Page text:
Ms. Herron states that she is currently unable to work due to back and neck pain she has experienced since sustaining an injury in 1997, The pain is located in the left side of the back, underneath the shoulder blade (R. 272). Additionally, Ms. Herron said that she has a sharp, agonizing pain in the center of her back, around the waistline (R. 281). Ms. Herron stated that the pain sometimes makes her restless. Ms. Herron stated that this pain occurs every other day and lasts all day (R. 283), She added that the pain affects her concentration, and causes forgetfulness (R. 21). Ms. Herron said that when the pain occurs, she stands up, or lies on a rug and rolls back and forth (R. 276), Ms. Herron testified that her pain is relieved by the medication Flexeril, which she takes three times per day (R. 283). But, she claims that the medication makes her very drowsy, so she does not always take it (Id.).

Ms. Herron said that she can sit for two hours and walk two blocks. She stated that if she worked, two 10-minute breaks and a 30-minute lunch would not be long enough for her to take her medication. Ms. Herron continues to see her treating physician, Dr. Shah. Before that, she had seen a chiropractor three times per week (R. 279). She said that she participated in physical therapy during all of 1999, but stopped when she lost her medical card (Id.). [ Page 4]

B.

Ms. Herron claims disability due to back and neck pain resulting from an injury on July 20, 1997, when a portion of her bathroom ceiling fell on top of her (R. 102). The first relevant medical evidence available in the record dates back to 1975, when she underwent surgery for a back injury (R. 408-09). We will review the medical evidence in chronological order.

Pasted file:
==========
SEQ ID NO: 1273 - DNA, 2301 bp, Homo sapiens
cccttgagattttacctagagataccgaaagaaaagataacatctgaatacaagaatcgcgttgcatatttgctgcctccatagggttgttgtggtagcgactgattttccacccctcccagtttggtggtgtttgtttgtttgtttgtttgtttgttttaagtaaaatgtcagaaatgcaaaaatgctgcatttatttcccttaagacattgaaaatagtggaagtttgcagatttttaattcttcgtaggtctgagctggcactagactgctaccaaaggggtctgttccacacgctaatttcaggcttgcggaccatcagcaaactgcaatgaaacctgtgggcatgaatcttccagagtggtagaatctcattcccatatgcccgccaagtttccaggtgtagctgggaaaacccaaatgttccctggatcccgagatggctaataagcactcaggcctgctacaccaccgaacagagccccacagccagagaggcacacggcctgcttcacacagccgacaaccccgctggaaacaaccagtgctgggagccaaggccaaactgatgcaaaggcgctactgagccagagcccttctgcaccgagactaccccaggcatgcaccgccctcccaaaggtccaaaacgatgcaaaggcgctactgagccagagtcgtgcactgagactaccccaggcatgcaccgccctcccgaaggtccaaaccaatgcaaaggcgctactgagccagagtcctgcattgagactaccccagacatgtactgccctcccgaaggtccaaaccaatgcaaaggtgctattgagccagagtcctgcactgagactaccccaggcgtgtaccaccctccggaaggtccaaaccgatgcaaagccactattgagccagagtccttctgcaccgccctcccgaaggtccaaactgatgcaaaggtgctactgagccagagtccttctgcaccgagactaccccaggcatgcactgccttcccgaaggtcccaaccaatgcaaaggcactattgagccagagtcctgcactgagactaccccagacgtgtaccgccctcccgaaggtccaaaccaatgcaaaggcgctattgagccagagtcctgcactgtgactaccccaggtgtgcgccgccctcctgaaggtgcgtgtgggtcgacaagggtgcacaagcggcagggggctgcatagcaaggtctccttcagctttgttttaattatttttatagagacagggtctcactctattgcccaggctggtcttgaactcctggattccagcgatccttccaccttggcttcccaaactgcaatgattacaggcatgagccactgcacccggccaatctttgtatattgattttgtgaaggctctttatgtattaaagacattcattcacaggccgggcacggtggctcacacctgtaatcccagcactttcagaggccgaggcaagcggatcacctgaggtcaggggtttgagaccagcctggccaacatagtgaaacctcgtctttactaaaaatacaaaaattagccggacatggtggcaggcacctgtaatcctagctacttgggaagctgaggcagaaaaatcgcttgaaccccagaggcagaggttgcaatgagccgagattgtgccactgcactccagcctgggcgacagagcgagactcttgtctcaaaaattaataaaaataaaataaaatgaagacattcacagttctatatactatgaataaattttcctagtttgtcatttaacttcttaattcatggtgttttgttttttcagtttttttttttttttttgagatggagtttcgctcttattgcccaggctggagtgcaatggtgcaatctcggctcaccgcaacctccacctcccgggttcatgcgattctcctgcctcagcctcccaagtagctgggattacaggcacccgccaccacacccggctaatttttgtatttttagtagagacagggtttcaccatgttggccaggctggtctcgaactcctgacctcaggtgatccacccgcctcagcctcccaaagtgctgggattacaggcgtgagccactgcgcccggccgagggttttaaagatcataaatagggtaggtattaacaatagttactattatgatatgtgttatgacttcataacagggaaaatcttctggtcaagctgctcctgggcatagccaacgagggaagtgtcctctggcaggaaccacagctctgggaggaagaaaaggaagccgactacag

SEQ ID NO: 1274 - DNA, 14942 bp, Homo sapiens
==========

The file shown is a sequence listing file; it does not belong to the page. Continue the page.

Ms. Herron underwent an exploratory lumbar laminectomy in 1975, for a stab wound to her lower back at L3-L4, and for spinal fluid leakage, Id.; see also Exhibit IF. There is no medical evidence from 1975-97 in the record. Ms. Herron did develop back and neck pain, after part of her bathroom ceiling fell on her in July 1997 (R. 102). However; magnetic resonance imaging ("MRT") taken of the lumbar spine on September 9, 1997 failed to demonstrate a compression fracture or subluxation (R. 426). There was a loss of intervertebral disc height at the L3-L4 level and mild central) disc bulging, but no evidence of the thecal sac decompression or asymmetry noted (Id.),

In August 1998, Ms. Herron's treating physician, Dr. Chad Larson, noted that the claimant's deep tendon reflexes were intact; there was no muscle atrophy; and the claimant's gait was normal without the use of an assistive device (R. 165-66). Ms. Herron had some decreased range of motion of the lumbar spine, with paravertebral muscle spasms (Id.). Dr. Larson also noted that prolonged standing, and performing lifting and/or carrying, could possibly be difficult cult for the claimant, although he did not specify any particular time or weight limitations (R. 166).

On September 17, 1998, Dr. Mai Phan, a state agency consulting physician, examined Ms. Herron and noted that she had decreased range of motion in her back, as well as in her neck and shoulder (R. 401-03). She also had a diminished grip of strength in the right hand, but she was otherwise neurologically intact (Id.). X-rays taken of the lumbar spine that day disclosed narrowing [ Page 5]